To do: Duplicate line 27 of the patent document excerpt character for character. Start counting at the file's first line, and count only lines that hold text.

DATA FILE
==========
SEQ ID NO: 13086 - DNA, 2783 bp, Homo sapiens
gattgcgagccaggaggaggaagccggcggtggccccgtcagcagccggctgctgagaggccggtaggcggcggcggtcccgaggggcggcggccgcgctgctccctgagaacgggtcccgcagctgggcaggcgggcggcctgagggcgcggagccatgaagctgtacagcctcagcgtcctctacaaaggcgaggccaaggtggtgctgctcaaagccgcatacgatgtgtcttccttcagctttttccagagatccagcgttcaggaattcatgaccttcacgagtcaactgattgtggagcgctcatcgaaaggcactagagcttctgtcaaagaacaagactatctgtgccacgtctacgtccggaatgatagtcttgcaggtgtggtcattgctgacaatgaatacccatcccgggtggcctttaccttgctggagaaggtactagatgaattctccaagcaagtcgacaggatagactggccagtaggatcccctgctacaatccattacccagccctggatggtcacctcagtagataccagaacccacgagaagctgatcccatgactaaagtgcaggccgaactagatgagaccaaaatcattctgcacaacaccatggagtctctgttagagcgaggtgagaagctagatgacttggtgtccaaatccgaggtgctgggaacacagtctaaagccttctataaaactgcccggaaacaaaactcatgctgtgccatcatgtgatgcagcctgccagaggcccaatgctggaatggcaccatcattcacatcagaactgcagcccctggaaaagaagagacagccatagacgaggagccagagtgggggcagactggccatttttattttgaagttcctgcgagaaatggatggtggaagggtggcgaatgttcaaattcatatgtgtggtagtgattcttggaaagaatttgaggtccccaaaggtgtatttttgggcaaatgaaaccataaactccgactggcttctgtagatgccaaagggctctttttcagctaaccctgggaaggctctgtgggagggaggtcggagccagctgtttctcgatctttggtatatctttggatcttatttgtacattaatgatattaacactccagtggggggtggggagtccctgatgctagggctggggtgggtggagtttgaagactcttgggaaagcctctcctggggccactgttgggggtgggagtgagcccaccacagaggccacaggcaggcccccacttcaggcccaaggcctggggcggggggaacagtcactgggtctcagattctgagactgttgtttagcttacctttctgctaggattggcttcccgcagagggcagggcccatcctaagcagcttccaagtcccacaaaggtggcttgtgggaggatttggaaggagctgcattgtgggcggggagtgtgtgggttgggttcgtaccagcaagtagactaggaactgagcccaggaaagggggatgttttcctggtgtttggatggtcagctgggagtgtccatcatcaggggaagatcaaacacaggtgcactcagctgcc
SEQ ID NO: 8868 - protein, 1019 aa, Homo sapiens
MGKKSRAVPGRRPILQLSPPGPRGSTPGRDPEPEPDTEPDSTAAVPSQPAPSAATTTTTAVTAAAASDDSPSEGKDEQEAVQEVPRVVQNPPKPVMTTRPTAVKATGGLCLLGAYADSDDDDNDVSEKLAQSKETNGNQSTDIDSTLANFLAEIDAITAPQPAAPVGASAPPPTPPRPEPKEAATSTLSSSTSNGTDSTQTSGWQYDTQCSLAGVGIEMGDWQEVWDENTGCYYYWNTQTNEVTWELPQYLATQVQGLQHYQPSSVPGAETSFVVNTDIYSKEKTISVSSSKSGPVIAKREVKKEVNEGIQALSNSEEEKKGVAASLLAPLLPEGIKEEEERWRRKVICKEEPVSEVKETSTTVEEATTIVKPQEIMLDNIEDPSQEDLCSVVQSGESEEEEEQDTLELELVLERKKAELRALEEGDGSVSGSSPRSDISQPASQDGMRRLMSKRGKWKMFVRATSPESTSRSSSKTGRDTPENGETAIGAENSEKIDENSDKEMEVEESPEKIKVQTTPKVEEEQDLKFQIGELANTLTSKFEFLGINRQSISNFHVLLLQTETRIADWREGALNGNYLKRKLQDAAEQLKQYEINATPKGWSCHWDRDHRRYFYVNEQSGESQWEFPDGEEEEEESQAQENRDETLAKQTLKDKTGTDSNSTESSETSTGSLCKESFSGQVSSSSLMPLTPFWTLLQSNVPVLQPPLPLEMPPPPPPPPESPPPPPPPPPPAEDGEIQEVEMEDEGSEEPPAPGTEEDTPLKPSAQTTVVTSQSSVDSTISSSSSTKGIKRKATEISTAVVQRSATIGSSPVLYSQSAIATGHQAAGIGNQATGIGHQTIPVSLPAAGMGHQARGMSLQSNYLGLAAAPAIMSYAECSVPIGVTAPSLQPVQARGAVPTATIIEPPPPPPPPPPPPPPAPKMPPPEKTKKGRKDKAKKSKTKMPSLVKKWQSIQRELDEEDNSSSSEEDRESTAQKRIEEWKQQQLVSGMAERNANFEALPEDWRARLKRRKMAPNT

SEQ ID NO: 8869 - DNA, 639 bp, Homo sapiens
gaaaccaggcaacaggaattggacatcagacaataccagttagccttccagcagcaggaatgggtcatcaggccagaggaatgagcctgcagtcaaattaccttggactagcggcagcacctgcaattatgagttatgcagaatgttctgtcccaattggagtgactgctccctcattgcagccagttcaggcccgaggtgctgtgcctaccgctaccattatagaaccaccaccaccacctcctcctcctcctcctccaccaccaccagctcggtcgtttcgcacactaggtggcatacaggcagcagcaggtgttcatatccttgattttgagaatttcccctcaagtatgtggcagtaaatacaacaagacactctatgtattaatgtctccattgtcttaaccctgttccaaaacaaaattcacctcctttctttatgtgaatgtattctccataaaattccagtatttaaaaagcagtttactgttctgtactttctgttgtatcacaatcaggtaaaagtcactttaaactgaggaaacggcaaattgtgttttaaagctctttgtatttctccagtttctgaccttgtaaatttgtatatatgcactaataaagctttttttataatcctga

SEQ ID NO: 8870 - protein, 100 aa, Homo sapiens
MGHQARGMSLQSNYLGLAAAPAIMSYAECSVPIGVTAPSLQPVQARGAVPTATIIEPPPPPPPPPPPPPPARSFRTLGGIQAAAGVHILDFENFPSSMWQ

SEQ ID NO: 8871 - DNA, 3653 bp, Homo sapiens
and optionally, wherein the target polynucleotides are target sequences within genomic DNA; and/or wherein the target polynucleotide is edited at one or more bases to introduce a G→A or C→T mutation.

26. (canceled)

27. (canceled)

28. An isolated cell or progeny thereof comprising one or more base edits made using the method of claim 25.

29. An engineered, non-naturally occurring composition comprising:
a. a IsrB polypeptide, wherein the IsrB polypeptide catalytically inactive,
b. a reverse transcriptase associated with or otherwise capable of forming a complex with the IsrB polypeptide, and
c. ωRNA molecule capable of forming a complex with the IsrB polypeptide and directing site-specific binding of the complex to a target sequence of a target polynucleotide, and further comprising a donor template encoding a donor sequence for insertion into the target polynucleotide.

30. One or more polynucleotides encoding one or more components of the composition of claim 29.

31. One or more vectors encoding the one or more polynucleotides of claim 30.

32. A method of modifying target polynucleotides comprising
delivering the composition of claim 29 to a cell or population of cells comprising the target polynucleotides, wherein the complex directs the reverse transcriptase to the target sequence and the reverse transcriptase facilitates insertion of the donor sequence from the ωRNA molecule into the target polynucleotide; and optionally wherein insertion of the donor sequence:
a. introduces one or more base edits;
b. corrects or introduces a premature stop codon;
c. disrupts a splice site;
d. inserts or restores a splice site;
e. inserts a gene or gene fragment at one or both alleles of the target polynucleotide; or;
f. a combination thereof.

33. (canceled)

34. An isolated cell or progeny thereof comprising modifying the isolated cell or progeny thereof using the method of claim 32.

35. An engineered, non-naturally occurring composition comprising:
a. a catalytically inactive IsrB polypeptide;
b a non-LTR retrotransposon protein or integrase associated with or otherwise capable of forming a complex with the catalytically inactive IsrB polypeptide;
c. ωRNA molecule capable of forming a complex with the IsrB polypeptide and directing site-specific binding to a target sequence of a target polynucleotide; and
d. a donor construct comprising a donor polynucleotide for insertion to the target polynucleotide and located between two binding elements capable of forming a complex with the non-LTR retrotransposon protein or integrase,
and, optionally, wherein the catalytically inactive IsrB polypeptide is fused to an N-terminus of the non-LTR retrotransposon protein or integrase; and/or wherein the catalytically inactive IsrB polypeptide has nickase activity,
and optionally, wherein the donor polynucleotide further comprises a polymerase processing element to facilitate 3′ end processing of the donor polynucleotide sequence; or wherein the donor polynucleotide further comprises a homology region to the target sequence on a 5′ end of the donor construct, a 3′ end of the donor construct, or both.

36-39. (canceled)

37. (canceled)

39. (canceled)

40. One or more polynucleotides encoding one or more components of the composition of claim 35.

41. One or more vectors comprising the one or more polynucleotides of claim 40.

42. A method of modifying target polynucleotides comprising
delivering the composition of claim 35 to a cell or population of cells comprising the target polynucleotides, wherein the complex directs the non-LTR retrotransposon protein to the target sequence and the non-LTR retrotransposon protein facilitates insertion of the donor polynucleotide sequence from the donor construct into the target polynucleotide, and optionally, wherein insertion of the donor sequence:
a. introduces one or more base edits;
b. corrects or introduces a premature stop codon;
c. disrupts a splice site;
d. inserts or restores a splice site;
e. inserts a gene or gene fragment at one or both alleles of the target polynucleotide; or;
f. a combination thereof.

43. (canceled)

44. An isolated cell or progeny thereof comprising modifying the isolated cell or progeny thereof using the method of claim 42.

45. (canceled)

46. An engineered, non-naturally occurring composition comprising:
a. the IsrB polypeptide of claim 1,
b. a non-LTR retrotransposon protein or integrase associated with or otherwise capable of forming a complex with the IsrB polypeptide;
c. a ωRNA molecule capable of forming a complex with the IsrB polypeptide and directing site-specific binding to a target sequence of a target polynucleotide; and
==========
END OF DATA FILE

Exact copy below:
f. a combination thereof.